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Reptiles

  • Abdominal swelling in any reptile is always a concern that needs to be brought to the attention of a veterinarian well versed in reptile medicine. In female reptiles, this swelling often means that the individual has eggs or fetus that are ready to be delivered. When the female cannot deliver the eggs or babies, this is referred to as dystocia. This condition can be life threatening and need attention ASAP.

  • Swellings on or around the joints in reptiles can be an indication of uric acid deposits in the area. This condition is referred to as gout. Gout is often painful and may also affect internal organs. Treatment will require medications and sometimes surgery.

  • While there are many species of pythons and boas, those noted here are among the easiest to keep; however, constrictor snakes, like the very large reticulated python, can be dangerous in the hands of an inexperienced keeper, while others, such as the royal python, can be frustrating because of their long periods of not eating. Therefore, if you are choosing your first pet snake, you may want to go with an easier to keep, relatively smaller snake, such as a rainbow boa.

  • The family of Colubrid snakes comprise over 1,000 different species. These snakes are non-venomous, often make very good pets and come in a variety of colorful patterns.

  • It is key for the health and safety of all snakes that proper housing be planned for the eventual adult size of your pet snake. For their enjoyment, hide boxes and branches are beneficial additions to the caging environment. Proper bedding, lighting and heat sources will differ depending on the species and size of your snake.

  • Sulfadiazine/trimethoprim is given by mouth in the form of a liquid suspension or is given by injection in the hospital, and it is commonly used to treat bacterial and parasitic infections, sometimes off label, in dogs, cats, small mammals and other exotics. Common side effects include a decreased appetite, vomiting, and diarrhea, although more serious side effects are possible such as dry eye, or liver, blood, or urinary problems. Do not use in pets that have severe liver damage, blood cell problems, dehydration, or sulfa allergies. If a negative reaction occurs, please call your veterinary office.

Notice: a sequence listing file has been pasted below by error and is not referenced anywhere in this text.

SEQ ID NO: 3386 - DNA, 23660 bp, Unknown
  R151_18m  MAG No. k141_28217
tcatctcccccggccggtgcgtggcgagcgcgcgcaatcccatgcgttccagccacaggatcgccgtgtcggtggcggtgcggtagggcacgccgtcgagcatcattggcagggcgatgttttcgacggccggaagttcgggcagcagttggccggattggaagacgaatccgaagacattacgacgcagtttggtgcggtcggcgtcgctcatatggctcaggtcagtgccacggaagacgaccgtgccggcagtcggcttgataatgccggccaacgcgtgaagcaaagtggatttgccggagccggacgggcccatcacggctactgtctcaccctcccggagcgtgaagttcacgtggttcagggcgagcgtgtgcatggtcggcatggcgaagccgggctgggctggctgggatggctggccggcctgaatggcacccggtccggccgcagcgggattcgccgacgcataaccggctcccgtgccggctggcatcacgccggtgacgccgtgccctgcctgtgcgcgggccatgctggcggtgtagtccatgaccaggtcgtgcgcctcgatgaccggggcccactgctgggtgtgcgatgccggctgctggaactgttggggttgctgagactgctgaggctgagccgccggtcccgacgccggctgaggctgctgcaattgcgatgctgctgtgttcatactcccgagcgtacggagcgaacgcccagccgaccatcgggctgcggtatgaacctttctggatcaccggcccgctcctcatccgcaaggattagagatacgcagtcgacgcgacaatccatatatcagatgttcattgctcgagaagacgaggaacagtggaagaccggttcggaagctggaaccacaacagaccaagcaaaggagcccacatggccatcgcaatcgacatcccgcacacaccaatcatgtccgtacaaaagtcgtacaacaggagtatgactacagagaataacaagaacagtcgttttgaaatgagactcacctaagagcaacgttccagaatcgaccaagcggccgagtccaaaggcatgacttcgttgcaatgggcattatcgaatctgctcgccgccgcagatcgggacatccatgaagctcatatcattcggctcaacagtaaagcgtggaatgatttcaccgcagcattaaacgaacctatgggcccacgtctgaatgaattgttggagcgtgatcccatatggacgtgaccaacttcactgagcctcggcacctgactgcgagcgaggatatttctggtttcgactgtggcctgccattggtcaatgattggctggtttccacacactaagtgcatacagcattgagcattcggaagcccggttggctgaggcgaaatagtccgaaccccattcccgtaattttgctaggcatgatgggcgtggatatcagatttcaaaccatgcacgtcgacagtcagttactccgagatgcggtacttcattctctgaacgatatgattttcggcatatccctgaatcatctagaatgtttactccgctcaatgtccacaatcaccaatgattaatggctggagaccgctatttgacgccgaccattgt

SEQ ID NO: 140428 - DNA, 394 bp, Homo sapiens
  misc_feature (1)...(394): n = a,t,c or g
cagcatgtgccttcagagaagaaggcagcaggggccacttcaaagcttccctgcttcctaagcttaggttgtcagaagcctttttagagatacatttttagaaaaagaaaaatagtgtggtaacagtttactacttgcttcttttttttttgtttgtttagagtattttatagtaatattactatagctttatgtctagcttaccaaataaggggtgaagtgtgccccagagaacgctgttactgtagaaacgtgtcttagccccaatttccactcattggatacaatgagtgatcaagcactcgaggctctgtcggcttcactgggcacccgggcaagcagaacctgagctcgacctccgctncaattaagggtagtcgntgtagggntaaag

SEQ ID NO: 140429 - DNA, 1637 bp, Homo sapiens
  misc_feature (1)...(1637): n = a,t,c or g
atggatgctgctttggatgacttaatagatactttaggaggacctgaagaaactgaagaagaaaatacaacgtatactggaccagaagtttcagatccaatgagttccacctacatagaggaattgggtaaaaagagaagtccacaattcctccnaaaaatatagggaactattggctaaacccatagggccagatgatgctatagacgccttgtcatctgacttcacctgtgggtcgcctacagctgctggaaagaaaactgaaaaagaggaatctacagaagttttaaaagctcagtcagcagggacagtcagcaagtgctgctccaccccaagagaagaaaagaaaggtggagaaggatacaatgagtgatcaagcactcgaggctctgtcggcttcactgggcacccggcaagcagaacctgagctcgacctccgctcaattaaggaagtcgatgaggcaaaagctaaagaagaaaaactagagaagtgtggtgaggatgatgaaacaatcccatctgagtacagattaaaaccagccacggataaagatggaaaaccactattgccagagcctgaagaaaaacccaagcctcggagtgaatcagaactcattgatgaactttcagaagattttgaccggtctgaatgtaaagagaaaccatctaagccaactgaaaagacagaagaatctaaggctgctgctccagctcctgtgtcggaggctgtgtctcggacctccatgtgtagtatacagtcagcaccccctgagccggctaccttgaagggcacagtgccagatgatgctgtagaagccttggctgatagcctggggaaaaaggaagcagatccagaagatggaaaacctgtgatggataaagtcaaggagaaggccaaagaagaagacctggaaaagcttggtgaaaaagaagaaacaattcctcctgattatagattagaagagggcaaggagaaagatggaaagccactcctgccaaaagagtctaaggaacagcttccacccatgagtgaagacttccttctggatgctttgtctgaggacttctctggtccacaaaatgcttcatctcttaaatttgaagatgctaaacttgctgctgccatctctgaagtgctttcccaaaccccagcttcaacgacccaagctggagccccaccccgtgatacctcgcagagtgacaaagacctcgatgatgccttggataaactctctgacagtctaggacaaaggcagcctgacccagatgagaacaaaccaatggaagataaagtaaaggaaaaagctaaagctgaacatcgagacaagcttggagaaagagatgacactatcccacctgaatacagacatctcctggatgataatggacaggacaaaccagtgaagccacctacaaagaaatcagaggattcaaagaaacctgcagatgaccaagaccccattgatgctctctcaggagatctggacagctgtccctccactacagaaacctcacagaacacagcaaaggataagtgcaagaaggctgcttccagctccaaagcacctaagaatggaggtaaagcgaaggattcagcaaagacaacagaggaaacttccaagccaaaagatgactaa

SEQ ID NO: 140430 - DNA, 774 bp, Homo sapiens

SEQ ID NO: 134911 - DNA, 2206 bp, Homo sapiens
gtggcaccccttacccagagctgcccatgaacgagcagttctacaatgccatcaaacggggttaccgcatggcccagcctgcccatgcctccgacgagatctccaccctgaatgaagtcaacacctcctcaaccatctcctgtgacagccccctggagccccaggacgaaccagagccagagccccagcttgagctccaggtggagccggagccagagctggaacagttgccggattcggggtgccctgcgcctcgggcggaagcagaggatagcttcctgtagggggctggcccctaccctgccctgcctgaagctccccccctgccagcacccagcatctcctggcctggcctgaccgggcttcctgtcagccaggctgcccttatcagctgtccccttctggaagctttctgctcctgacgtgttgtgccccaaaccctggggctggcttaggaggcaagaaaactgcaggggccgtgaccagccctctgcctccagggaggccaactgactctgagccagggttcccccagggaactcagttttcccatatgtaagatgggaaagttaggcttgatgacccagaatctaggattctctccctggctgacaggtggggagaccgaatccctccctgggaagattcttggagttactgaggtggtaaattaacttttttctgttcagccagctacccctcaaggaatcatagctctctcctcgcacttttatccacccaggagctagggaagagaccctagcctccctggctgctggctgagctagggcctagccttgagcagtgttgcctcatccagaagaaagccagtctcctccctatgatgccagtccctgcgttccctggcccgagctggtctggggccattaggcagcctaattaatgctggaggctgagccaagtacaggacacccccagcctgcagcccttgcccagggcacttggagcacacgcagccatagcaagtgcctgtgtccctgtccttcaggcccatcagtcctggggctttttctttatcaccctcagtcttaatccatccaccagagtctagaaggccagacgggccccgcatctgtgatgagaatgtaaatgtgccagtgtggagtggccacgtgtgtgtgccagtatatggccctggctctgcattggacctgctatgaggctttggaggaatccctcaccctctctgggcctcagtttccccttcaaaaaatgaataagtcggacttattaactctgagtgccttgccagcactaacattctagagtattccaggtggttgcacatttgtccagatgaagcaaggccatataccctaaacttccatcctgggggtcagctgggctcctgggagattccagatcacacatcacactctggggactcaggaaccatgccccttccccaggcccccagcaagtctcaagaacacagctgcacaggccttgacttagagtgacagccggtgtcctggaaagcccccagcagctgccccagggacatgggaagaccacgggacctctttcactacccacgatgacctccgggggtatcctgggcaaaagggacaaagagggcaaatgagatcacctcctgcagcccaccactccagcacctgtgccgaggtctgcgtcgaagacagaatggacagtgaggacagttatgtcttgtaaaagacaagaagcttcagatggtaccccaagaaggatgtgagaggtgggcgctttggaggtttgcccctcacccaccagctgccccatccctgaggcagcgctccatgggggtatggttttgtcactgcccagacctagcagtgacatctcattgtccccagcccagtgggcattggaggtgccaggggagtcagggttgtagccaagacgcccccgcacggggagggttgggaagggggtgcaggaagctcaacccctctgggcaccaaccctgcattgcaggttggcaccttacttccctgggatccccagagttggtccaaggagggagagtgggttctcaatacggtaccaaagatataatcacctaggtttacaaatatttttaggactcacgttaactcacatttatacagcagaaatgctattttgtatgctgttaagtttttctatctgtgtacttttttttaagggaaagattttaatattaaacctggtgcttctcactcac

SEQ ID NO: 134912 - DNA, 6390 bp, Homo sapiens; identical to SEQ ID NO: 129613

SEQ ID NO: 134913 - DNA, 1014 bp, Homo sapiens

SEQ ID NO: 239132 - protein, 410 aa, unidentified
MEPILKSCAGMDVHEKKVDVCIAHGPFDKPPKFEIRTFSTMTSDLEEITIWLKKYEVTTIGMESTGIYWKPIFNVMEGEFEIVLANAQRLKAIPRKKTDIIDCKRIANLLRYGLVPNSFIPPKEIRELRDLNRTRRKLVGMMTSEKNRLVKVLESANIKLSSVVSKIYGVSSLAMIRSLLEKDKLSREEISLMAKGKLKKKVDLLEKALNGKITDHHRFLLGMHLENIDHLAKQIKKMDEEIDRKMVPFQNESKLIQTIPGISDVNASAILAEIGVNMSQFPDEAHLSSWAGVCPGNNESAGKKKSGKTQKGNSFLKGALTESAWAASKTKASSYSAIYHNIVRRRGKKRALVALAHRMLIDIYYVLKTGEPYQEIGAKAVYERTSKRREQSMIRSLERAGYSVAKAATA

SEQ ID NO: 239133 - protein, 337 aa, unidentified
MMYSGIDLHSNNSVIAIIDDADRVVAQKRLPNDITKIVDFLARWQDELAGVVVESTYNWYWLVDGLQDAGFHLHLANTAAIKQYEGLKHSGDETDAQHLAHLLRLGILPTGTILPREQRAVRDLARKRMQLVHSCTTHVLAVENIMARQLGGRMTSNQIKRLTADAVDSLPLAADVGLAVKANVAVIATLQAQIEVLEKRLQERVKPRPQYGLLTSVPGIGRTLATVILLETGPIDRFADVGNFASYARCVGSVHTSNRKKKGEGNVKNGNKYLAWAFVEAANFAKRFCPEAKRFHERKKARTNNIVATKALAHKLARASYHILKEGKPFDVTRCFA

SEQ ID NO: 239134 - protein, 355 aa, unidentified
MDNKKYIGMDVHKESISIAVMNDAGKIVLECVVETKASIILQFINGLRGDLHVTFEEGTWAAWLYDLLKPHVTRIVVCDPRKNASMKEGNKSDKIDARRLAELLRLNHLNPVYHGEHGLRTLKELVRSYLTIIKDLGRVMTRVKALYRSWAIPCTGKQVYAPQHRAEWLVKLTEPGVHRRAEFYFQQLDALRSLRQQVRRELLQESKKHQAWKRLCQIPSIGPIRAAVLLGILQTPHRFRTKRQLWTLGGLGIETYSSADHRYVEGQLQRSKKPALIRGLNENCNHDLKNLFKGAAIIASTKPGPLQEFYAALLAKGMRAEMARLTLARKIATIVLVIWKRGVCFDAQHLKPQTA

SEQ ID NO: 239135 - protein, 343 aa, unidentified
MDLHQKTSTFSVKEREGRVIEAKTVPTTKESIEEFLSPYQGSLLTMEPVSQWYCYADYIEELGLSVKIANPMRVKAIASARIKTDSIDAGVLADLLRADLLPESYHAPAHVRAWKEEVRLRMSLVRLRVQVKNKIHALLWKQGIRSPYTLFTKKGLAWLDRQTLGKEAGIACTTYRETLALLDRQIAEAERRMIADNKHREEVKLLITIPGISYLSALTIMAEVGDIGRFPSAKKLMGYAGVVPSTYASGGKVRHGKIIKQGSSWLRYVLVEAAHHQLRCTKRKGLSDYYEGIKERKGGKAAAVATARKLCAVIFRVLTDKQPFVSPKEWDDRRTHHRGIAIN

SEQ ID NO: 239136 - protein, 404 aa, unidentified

• Sulfadimethoxine is an antimicrobial given by mouth in the form of a tablet or liquid suspension, used primarily to treat coccidiosis. Its use for treating small mammals and reptiles is off label. Common side effects include vomiting, diarrhea, and decreased appetite. This medication should not be used in pets that are allergic to it, pregnant, lactating, or have severe liver or kidney dysfunction. If a negative reaction occurs, please call your veterinary office.

  • Sulfamethoxazole/trimethoprim is given by mouth in the form of a liquid suspension or is given by injection in the hospital, and it is commonly used to treat bacterial and parasitic infections, sometimes off label, in dogs, cats, small mammals, and other exotics. Common side effects include a decreased appetite, vomiting, and diarrhea, although more serious side effects are possible such as dry eye, or liver, blood, or urinary problems. Do not use in pets that have severe liver damage, blood cell problems, dehydration, or sulfa allergies. If a negative reaction occurs, please call your veterinary office.

  • When leaving home for vacations, pet owners are confronted with the problem of what to do with their pets. Should they take them along or leave them at home? Reviewing a summary of boarding options and travel guidelines will make the decision easier while safe guarding the well-being of your pet and providing your own peace of mind.

  • Telehealth is a broad term that refers to the use of telecommunications to provide health-related services. Telehealth services can be delivered by a variety of methods including telephone, text messaging, internet chat, and videoconferencing. Teletriage is the act of performing triage remotely, via telephone or internet and helps determine the urgency of your pet’s medical concern. Telemedicine refers to the practice of medicine at a distance. In the context of veterinary medicine, telemedicine refers to a veterinarian formulating a diagnosis and treatment plan for your pet without an in-person examination. Telemedicine is typically only permitted within the context of an existing Veterinarian-Client-Patient Relationship. Given the current COVID-19 pandemic and social/physical distancing requirements however, some federal and local governments have relaxed the requirements surrounding telemedicine.